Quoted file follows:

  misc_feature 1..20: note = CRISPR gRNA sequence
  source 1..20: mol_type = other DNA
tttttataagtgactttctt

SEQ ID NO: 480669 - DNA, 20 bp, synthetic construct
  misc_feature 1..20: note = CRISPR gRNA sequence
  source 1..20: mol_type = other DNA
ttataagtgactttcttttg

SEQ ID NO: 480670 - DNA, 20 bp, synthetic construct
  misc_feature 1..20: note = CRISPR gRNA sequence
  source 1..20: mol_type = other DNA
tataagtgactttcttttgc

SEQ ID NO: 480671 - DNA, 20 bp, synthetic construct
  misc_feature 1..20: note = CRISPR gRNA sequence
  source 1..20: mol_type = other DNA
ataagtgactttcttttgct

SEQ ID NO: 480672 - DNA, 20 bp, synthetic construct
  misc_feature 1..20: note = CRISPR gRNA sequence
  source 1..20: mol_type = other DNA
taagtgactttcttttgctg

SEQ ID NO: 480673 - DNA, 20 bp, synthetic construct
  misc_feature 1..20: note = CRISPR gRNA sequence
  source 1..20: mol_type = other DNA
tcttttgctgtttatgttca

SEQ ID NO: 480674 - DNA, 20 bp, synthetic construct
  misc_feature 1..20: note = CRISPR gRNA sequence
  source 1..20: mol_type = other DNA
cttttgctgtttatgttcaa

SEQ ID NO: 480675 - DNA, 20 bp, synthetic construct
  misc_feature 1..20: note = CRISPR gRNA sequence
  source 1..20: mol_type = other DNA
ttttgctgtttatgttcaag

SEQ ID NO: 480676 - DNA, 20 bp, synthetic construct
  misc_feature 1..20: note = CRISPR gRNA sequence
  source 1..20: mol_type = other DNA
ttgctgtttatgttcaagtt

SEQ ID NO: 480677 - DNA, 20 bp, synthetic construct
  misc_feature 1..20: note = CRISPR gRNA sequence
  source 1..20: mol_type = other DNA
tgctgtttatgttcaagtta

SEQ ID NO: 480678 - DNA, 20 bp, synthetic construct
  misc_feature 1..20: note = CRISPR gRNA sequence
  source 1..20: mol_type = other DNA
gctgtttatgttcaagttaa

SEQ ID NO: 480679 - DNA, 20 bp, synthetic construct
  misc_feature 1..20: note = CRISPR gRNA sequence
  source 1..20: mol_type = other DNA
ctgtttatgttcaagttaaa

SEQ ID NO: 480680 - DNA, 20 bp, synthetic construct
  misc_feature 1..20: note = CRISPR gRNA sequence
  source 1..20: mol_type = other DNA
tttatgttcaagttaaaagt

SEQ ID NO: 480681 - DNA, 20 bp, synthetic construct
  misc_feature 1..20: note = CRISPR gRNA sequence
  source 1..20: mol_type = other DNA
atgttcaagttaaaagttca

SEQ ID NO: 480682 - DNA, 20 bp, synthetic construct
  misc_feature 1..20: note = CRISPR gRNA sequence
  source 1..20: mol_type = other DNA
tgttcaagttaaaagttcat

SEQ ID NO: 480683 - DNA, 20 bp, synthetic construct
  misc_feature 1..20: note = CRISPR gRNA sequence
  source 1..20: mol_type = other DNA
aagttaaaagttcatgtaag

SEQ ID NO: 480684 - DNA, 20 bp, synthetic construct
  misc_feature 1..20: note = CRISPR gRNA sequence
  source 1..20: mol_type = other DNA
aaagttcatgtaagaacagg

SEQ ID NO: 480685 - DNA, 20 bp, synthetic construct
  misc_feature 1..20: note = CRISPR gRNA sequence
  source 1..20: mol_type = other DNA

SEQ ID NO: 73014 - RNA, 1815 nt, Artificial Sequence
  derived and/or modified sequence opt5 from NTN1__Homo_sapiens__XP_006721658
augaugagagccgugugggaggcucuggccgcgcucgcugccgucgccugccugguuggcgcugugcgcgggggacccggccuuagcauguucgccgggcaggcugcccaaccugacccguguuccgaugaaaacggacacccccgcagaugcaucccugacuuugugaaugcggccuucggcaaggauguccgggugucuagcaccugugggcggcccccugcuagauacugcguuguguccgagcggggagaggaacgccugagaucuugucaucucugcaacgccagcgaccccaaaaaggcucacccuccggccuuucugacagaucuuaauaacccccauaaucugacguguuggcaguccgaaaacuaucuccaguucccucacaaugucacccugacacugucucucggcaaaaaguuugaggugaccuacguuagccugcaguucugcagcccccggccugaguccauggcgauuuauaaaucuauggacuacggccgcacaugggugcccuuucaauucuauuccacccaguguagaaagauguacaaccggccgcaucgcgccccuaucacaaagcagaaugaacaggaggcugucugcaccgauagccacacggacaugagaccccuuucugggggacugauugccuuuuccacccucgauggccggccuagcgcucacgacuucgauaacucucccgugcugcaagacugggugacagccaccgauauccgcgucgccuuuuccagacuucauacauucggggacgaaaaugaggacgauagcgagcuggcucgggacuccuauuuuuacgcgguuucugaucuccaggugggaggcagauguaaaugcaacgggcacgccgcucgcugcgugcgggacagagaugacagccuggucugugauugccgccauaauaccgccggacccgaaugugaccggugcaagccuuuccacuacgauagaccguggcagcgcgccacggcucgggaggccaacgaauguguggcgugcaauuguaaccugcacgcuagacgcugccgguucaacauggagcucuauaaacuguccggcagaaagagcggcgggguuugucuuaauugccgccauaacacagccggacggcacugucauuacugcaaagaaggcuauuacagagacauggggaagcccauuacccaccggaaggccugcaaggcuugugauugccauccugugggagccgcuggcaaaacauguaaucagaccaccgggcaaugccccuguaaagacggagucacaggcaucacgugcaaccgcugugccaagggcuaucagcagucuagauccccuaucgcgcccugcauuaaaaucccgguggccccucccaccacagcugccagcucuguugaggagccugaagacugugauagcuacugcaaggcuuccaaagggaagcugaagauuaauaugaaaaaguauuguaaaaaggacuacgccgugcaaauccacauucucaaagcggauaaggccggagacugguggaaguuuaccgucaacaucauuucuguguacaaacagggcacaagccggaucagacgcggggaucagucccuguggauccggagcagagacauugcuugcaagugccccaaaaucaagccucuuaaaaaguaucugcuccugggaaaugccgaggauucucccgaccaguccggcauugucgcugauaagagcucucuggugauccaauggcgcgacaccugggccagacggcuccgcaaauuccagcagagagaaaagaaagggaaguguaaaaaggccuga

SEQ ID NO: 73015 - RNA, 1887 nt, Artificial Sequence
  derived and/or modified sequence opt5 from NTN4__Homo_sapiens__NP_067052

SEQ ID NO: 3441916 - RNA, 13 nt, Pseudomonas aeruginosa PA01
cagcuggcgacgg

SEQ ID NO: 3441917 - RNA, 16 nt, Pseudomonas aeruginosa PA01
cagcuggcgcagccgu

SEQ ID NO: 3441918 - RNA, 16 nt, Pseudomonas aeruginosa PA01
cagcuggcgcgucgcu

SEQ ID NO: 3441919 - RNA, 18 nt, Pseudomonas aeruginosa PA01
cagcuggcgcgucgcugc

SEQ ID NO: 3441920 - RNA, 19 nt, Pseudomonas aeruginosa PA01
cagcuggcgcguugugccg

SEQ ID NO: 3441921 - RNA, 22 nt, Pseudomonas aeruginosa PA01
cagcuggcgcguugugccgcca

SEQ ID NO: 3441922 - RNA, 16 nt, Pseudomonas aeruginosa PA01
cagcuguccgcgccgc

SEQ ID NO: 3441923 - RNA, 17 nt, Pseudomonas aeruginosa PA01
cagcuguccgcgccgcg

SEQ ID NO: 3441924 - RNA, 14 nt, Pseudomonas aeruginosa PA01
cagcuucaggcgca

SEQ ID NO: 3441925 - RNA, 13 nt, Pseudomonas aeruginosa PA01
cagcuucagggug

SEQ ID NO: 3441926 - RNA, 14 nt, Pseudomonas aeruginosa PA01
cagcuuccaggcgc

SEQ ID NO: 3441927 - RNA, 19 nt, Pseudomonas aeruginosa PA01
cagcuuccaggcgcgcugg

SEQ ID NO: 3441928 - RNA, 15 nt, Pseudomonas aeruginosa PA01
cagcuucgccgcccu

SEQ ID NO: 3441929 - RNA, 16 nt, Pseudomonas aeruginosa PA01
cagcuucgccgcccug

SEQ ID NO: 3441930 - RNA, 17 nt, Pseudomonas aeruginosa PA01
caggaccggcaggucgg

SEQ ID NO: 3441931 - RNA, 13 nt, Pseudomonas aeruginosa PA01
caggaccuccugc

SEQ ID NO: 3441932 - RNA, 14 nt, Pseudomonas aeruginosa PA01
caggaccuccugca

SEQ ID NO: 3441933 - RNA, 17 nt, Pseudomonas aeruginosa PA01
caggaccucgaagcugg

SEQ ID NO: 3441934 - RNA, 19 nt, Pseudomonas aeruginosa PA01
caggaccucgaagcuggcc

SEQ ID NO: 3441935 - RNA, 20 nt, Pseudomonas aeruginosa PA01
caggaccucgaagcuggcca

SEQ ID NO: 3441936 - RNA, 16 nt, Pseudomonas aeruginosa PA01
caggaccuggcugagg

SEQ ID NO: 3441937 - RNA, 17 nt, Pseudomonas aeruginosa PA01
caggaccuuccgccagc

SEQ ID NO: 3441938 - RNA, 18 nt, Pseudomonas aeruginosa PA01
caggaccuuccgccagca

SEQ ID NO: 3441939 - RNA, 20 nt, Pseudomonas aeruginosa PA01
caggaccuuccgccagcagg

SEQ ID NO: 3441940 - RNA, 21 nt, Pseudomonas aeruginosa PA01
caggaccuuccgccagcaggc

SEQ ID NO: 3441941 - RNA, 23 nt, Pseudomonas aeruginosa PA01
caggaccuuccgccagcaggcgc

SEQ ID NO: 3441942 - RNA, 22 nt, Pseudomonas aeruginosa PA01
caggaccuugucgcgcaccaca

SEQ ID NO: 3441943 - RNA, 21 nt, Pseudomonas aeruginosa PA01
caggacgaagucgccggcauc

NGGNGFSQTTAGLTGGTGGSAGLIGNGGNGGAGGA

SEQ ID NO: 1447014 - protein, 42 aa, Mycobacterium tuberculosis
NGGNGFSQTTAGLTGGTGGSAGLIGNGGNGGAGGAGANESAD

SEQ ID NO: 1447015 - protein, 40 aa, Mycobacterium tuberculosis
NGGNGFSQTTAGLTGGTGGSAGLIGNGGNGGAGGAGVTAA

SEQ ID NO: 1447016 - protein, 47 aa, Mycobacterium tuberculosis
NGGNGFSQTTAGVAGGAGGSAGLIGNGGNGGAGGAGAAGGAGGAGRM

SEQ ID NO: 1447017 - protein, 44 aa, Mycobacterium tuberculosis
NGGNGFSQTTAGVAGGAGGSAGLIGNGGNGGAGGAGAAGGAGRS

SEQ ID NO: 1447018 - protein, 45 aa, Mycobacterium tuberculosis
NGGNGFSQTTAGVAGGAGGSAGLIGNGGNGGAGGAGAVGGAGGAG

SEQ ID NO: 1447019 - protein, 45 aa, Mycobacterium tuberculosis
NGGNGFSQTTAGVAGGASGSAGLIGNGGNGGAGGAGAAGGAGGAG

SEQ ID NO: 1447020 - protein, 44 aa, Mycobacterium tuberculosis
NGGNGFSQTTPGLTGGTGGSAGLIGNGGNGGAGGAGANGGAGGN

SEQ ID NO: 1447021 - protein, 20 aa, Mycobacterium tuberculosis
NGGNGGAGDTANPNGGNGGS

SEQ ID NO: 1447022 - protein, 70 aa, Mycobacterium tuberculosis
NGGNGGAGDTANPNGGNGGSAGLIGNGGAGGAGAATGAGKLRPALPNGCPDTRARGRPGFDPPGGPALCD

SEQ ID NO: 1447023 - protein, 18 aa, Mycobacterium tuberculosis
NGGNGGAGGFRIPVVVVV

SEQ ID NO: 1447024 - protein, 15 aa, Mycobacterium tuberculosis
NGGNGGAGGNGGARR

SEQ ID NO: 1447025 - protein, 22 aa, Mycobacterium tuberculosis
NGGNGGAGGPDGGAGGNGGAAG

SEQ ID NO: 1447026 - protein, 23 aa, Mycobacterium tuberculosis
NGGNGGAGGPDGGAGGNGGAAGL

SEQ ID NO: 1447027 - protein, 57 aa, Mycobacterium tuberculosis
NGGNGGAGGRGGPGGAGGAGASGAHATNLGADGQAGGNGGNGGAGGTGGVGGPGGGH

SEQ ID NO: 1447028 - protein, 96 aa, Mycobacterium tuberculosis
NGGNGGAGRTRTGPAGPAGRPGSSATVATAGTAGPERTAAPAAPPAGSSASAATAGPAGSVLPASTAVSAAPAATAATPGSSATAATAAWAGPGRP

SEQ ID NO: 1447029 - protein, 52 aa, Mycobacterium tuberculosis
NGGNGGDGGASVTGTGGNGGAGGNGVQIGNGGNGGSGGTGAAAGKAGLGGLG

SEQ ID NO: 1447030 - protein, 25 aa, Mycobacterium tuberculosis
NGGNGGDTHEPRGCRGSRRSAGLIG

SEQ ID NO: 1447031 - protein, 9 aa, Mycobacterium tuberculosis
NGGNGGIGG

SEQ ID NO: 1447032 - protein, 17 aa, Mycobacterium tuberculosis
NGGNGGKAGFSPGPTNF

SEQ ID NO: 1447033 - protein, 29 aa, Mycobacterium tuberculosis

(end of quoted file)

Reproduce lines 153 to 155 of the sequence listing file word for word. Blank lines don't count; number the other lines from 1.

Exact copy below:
SEQ ID NO: 1447024 - protein, 15 aa, Mycobacterium tuberculosis
NGGNGGAGGNGGARR

SEQ ID NO: 1447025 - protein, 22 aa, Mycobacterium tuberculosis